“In laymen’s terms, the clausula rebis sic stantibus is the escape clause where a FUNDAMENTAL change in circumstances renders contracts/treaties etc. null and void…the fundamental change moment?… it’s illegal to be legal anything, mind, body, spirit. The original Birth Certificate contract is the PROOF and EVIDENCE of a clear and present INTENT to deceive another by it’s mere existence… registry buildings are proof of intent to foment this deception… everything created to put this fraud into practice is proof of fraud intent ab initio (since before it was ACT-DEAD upon where you are ACT-DEAD until truth is ACT-DEED… when you throw down, with force, the dead legal name (all ideas ATTACHED/attacked to it), with intent to destroy that from your reality, the real Shemitah/CRSS comes into full force and effect.”
Granted, Kate has used some Latin so it sounds superficially legal (even though it’s misspelt, it should be ‘rebus’, though that’s probably me being overly picky). She uses words such as proof, evidence and intent which admittedly are all frequently used legal terms. There the similarity to actual law ends.
Kate has published reams of this guff online. The caps lock and alliteration are red flags. This is not law. In much the same way that Deepak Chopra parroting the word quantum won’t get him a job interview at CERN, Kate of Gaia’s legal expertise is unlikely to get her appointed to the Supreme Court of any jurisdiction. What she espouses is the stock in trade of the Freemen on the Land movement. Sadly this is not some harmless crank theory. People have actually relied on this nonsense in courts in the UK, Canada and the US.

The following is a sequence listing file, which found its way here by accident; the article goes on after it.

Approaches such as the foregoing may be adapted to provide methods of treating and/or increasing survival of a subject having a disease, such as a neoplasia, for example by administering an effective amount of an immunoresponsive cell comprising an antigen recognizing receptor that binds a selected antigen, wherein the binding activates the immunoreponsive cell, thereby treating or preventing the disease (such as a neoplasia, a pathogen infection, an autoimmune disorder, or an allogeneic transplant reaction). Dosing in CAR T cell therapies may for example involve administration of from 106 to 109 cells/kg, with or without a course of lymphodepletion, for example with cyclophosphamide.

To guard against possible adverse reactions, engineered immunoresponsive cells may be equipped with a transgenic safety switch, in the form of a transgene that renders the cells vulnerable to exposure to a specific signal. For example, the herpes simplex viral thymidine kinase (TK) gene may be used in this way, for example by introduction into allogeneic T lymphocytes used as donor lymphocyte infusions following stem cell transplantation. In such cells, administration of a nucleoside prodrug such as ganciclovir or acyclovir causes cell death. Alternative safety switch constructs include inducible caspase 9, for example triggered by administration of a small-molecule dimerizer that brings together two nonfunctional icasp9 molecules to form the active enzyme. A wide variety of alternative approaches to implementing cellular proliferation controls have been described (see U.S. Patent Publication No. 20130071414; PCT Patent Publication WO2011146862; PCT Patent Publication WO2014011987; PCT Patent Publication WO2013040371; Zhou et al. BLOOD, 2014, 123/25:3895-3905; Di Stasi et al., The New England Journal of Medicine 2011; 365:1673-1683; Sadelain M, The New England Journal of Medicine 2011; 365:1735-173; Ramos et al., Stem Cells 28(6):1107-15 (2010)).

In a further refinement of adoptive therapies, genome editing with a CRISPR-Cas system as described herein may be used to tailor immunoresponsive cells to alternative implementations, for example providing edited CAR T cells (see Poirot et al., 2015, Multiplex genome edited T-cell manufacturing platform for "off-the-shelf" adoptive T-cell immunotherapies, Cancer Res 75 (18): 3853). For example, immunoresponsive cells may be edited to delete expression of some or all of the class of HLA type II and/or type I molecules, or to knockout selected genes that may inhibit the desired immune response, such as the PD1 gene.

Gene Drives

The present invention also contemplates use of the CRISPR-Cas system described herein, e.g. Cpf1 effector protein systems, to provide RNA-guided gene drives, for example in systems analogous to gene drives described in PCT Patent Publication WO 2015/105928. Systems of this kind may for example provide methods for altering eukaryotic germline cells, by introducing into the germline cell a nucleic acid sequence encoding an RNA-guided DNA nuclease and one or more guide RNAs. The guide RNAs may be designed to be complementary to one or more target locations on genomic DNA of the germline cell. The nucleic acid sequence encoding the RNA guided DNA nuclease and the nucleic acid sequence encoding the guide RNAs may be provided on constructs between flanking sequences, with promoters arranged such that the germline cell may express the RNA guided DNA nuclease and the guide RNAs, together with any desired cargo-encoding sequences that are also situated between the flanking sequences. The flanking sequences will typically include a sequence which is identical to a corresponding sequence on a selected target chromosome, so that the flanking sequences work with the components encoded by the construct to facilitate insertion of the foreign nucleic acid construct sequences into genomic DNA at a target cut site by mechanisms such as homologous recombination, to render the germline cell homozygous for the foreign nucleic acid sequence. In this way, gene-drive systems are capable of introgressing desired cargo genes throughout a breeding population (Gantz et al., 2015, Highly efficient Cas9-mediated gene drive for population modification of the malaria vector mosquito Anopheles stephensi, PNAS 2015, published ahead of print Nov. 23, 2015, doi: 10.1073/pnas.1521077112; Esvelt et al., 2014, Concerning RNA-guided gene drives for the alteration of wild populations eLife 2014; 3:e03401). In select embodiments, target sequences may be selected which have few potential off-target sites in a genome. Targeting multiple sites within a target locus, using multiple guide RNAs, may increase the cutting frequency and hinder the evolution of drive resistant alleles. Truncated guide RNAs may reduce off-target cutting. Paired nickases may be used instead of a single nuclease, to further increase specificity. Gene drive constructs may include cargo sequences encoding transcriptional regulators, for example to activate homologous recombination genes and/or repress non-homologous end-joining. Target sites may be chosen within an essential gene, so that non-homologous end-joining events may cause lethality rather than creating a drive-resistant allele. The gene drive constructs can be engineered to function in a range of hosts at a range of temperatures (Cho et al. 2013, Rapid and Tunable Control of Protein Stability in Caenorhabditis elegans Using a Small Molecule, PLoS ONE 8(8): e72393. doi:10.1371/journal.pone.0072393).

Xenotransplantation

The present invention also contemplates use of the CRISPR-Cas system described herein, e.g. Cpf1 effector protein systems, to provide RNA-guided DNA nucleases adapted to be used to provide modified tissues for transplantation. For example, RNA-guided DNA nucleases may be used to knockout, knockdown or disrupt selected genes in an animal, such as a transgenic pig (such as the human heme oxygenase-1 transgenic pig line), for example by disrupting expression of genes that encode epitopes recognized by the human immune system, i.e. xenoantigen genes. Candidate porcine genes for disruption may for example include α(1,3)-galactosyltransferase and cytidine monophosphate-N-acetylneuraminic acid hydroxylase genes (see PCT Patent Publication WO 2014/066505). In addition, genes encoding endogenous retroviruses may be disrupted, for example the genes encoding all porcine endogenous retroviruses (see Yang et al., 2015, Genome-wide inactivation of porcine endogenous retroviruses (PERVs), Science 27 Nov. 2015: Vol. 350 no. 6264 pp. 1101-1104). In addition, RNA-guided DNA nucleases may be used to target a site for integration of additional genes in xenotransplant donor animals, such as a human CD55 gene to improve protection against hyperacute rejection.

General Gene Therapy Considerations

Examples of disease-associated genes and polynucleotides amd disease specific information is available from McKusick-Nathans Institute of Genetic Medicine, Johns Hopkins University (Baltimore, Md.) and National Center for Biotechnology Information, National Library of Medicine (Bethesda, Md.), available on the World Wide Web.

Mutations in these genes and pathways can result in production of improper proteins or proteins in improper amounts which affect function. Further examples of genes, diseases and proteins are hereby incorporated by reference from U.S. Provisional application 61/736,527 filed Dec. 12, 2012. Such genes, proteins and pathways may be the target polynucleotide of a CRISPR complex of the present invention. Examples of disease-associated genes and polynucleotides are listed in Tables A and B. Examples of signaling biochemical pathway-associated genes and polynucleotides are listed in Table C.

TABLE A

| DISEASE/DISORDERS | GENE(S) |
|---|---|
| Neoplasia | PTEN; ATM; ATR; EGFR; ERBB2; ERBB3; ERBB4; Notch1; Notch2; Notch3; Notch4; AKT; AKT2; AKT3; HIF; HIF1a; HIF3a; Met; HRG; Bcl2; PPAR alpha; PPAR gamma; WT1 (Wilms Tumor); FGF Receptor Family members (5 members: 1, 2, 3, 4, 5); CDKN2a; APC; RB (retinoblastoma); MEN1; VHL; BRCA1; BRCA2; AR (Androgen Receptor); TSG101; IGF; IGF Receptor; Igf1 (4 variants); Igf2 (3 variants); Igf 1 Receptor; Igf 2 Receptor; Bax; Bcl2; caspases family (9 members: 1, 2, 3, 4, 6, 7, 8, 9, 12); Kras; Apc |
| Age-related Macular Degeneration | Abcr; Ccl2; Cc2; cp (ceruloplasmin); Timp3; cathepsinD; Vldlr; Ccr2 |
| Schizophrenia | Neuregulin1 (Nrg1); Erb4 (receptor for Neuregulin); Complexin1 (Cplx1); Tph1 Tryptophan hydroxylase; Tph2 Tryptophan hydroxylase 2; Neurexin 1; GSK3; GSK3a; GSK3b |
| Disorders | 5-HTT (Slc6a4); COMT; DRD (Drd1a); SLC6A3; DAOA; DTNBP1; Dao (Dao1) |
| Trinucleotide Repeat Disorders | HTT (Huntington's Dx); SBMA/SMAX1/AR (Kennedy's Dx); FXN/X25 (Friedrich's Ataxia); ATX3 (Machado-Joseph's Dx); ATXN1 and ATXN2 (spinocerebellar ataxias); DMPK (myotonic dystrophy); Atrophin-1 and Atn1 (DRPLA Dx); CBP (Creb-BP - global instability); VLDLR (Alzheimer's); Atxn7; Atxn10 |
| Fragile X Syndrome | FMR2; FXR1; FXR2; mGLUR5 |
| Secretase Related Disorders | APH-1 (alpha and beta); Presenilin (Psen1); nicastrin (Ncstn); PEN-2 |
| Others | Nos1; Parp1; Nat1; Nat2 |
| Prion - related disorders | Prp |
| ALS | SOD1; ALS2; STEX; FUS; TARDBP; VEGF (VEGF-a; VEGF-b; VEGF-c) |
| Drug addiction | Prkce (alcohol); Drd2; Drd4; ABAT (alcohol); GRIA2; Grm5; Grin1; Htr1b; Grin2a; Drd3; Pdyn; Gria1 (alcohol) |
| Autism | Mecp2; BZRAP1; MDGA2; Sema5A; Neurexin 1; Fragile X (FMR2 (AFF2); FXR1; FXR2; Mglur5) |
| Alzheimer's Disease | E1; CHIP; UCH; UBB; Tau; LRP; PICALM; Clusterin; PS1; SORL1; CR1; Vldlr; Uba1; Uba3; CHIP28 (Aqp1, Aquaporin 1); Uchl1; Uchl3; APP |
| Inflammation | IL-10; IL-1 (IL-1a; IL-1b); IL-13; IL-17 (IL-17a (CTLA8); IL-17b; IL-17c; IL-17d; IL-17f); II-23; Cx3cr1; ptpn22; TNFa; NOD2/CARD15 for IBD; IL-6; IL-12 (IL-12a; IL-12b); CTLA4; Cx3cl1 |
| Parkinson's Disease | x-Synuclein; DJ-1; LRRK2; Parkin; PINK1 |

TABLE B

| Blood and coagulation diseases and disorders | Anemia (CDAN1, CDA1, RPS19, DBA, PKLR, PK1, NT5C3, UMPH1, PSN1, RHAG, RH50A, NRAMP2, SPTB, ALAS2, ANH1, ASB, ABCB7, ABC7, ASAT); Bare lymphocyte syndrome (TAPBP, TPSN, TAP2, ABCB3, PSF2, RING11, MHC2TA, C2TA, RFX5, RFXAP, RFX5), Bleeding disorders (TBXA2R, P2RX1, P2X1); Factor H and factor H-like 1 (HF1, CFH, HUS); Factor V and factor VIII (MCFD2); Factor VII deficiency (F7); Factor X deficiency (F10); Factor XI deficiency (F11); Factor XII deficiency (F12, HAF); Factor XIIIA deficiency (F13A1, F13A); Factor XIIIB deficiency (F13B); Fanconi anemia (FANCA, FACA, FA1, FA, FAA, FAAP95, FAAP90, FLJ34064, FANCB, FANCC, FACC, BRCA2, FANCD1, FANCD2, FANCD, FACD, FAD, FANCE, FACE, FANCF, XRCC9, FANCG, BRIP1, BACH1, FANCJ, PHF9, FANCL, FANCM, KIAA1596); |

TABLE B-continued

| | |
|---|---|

‘Freemen’ try to argue that when sued for debt they don’t actually owe money because the contracts are made in their legal name which, of course, doesn’t mean them. They try to argue that the courts don’t actually have jurisdiction over them because they haven’t consented to that jurisdiction. Their legal argument is, in effect, that they are above the law. This tends to rub actual Judges up the wrong way. As far as I’m aware, every one of these arguments have failed. In some cases those advancing them end up in jail for contempt or police obstruction. Use them in court and the case will not go well for you at all. This is what Associate Chief Justice J.D. Rooke of the Alberta Queen’s Bench had to say in a mammoth judgement deconstructing the Freemen arguments in the case of Mead v Mead:
 It does not matter whether you frame your business as a joke, religion, for educational purposes only, or as not being legal advice; your business harms your naïve or malicious customers, their families, and the innocent persons whom your customers abuse as they attempt to exercise what you have told them are their rights. You cannot identify one instance where a court has rolled over and behaved as told. Not one. Your spells, when cast, fail.
So why are these billboards popping up all over the UK? That’s unclear, but one thing is for sure, many perplexed people would have been googling the “Truth” and ended up at one of Kate’s sites. Some may even have read Kate’s musings.
However, beware of following the advice.
This article originally appeared in The Skeptic, Volume 26, Number 2